Remember, Section 179 only accelerates Depreciation; it does not allow any additional write-offs, deductions, or Depreciation.

And finally, never buy a tax deduction. If you need the equipment to provide better care to your patients, then, by all means, purchase it, but buying it solely for its tax deduction is a wealth-destroying strategy.

David Darab DDS MBA

Effective LEADers are Conductors…not One-Man Bands

Effective Leaders are conductors who can empower, nurture, and enable others to perform and contribute at their best.

The musicians are on stage, each one preparing and tuning their instruments for the performance ahead. The cacophony from all the other musicians doing the same sounds nothing like the musical score in front of them. This process continues until the Conductor takes the stage. Soon after, with the baton raised, all are poised to begin. As the Conductor brings the baton down, what was noise is magically transformed into music. As the score progresses each orchestral section is queued into the performance by the Conductors baton.  Never does the Conductor stop, sit down, and begin playing an instrument.

Leaders are not one-man bands.

Effective Leaders are conductors who can empower, nurture, and enable others to perform and contribute at their best. This is best accomplished by allowing all team members to work at the edge of their abilities, constantly expanding their skills, knowledge, and abilities. The effective leader embraces this paradigm by letting go and trusting others. There is no time or place for micro-managing here.

The best businesses are not one-man shows.

Letting others contribute maximally enables an organization to magnify their results, achieving what would have been impossible individually. Amazingly, this isn’t even the best part. By allowing others the freedom and opportunity to learn and contribute together, they too begin to exercise their Leadership muscles.

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What Condition is Your Condition in?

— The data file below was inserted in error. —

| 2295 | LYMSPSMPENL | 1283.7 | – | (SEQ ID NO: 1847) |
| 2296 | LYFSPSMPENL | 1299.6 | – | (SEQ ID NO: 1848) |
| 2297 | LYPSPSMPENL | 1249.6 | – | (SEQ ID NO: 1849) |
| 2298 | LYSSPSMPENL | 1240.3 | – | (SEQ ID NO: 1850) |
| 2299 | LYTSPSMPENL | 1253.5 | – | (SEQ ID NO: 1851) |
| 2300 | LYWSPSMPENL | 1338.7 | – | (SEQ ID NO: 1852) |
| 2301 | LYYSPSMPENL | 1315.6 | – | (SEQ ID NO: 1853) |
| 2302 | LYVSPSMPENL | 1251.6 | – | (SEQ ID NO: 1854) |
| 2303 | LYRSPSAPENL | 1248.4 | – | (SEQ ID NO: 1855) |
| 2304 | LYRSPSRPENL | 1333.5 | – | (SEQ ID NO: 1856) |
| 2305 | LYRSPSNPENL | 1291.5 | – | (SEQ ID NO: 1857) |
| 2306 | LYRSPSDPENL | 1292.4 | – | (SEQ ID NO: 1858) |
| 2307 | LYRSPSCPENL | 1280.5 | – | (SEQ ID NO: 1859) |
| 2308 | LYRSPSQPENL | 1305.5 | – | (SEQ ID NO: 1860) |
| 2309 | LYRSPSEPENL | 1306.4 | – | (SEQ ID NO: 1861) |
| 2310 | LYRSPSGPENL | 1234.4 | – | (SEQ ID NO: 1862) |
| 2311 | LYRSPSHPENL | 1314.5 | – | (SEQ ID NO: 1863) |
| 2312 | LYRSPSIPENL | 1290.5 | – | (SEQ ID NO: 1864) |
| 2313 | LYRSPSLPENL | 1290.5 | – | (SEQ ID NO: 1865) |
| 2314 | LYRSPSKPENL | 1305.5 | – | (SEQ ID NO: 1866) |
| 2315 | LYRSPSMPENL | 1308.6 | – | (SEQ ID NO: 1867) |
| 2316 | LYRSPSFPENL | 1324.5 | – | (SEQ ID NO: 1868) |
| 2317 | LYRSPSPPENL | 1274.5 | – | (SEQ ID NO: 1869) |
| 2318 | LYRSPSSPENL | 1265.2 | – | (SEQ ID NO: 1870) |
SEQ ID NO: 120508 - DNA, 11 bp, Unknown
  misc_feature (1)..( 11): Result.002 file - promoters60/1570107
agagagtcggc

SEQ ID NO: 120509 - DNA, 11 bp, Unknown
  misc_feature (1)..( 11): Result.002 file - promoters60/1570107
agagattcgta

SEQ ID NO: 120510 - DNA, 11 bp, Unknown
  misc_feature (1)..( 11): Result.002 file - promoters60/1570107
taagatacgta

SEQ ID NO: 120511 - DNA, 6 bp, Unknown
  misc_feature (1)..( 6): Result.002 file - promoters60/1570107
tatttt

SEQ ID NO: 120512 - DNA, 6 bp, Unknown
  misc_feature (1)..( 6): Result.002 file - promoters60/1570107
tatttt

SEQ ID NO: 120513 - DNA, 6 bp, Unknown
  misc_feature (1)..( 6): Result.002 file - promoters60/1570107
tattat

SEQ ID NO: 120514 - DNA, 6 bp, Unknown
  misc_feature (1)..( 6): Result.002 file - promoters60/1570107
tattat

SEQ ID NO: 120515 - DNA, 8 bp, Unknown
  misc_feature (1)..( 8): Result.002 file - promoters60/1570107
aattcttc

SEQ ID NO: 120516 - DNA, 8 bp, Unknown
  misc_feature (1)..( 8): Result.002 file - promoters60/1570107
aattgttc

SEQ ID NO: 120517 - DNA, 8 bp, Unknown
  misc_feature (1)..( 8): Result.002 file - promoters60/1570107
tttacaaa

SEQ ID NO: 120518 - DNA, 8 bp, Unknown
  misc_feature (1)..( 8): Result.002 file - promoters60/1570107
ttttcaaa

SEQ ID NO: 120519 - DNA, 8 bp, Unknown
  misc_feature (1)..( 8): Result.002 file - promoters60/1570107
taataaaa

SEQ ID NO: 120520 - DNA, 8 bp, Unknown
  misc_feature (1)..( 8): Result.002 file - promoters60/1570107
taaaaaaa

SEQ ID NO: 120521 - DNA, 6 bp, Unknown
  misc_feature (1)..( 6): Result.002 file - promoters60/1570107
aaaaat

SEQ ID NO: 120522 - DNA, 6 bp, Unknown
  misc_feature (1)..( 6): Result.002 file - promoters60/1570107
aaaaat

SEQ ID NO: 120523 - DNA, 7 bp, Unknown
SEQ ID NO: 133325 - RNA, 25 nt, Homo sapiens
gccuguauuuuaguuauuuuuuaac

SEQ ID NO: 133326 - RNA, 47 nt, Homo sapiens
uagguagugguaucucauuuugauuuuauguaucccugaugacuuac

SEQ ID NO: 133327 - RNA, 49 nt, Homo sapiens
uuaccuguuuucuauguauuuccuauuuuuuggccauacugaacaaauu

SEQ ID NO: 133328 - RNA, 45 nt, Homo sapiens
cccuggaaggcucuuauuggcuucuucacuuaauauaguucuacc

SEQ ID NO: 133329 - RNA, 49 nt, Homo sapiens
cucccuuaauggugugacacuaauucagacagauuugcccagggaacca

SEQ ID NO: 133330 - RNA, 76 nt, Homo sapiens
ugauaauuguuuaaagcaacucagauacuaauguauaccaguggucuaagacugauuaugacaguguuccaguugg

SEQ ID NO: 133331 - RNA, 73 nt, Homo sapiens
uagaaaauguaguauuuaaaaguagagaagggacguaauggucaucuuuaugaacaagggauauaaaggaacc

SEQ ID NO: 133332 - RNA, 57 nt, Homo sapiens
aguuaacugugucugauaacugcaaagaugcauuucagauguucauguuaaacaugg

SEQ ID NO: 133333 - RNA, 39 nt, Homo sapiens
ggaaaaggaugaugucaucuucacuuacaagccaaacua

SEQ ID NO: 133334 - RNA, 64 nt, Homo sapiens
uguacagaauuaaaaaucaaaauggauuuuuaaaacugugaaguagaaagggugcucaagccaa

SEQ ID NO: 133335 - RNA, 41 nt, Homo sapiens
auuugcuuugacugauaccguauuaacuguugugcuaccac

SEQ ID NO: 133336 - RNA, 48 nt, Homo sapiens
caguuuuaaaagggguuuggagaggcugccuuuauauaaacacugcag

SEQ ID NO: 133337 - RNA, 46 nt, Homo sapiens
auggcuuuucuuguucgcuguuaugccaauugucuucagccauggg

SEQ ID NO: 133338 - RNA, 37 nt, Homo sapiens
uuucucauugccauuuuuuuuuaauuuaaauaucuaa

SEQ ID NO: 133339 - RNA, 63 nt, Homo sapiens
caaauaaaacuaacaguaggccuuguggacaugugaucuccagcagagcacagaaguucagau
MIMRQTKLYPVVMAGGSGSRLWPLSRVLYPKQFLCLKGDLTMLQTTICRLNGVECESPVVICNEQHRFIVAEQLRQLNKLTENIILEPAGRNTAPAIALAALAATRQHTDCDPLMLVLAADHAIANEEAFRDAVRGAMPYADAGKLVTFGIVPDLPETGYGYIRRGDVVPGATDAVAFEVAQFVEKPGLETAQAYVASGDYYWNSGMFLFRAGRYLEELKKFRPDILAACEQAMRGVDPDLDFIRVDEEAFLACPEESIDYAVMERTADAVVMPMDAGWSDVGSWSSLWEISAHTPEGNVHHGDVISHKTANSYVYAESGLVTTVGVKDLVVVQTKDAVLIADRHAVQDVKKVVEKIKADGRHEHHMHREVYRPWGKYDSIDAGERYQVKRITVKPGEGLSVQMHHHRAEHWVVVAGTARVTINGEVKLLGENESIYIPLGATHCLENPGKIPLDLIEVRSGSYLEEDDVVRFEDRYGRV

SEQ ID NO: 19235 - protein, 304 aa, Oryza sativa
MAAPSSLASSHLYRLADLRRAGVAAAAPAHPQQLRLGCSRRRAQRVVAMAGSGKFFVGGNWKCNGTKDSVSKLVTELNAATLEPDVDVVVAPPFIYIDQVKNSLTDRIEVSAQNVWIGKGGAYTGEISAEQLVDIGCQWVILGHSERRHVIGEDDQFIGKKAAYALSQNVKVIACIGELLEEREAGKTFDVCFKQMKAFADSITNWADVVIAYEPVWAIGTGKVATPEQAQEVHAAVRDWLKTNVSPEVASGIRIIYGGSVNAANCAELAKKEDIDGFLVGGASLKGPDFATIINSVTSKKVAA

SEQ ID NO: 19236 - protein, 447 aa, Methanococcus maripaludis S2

Take care of yourself.  Do what makes you happy and enables you to rest and recharge…


As Leaders, we are concerned about so many things…

  • how is our organization doing?
  • are we meeting the needs, wants, and desires of our Stakeholders?
  • is our financial health strong?
  • are my decisions sound?
  • do I need more information or less information?
  • should be doing more, or less?
  • are there opportunities I may have missed?
  • is our strategy solid?
  • are my employees happy in their workplace?
  • am I missing Blind Spots?

One question that is not asked frequently enough is…

How are YOU doing?

Just like the airline flight attendants tell us before every flight…

“Should the cabin lose pressure, oxygen masks will drop from the overhead area. Please place the mask over your own mouth and nose before assisting others.”

If we don’t put our mask on first, we will very likely not be able to help others that are counting on us.


Take care of yourself.  Do what makes you happy and enables you to rest and recharge; exercise, good nutrition, meditation, socializing, time for creative activities are just a few ideas to get you started.

I found this on Spotify…fans of The Big Lebowski may recognize it too!

The Title and Lyric says is well…

“I just dropped in to see what condition my condition was in”

The First Edition

So…what condition is YOUR condition in?


Going Slow in the Fast Lane

Are we or someone we know Driving Slow in the Fast Lane? Is this slowing others up or hindering their progress?


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I drive the interstate frequently during my daily commute.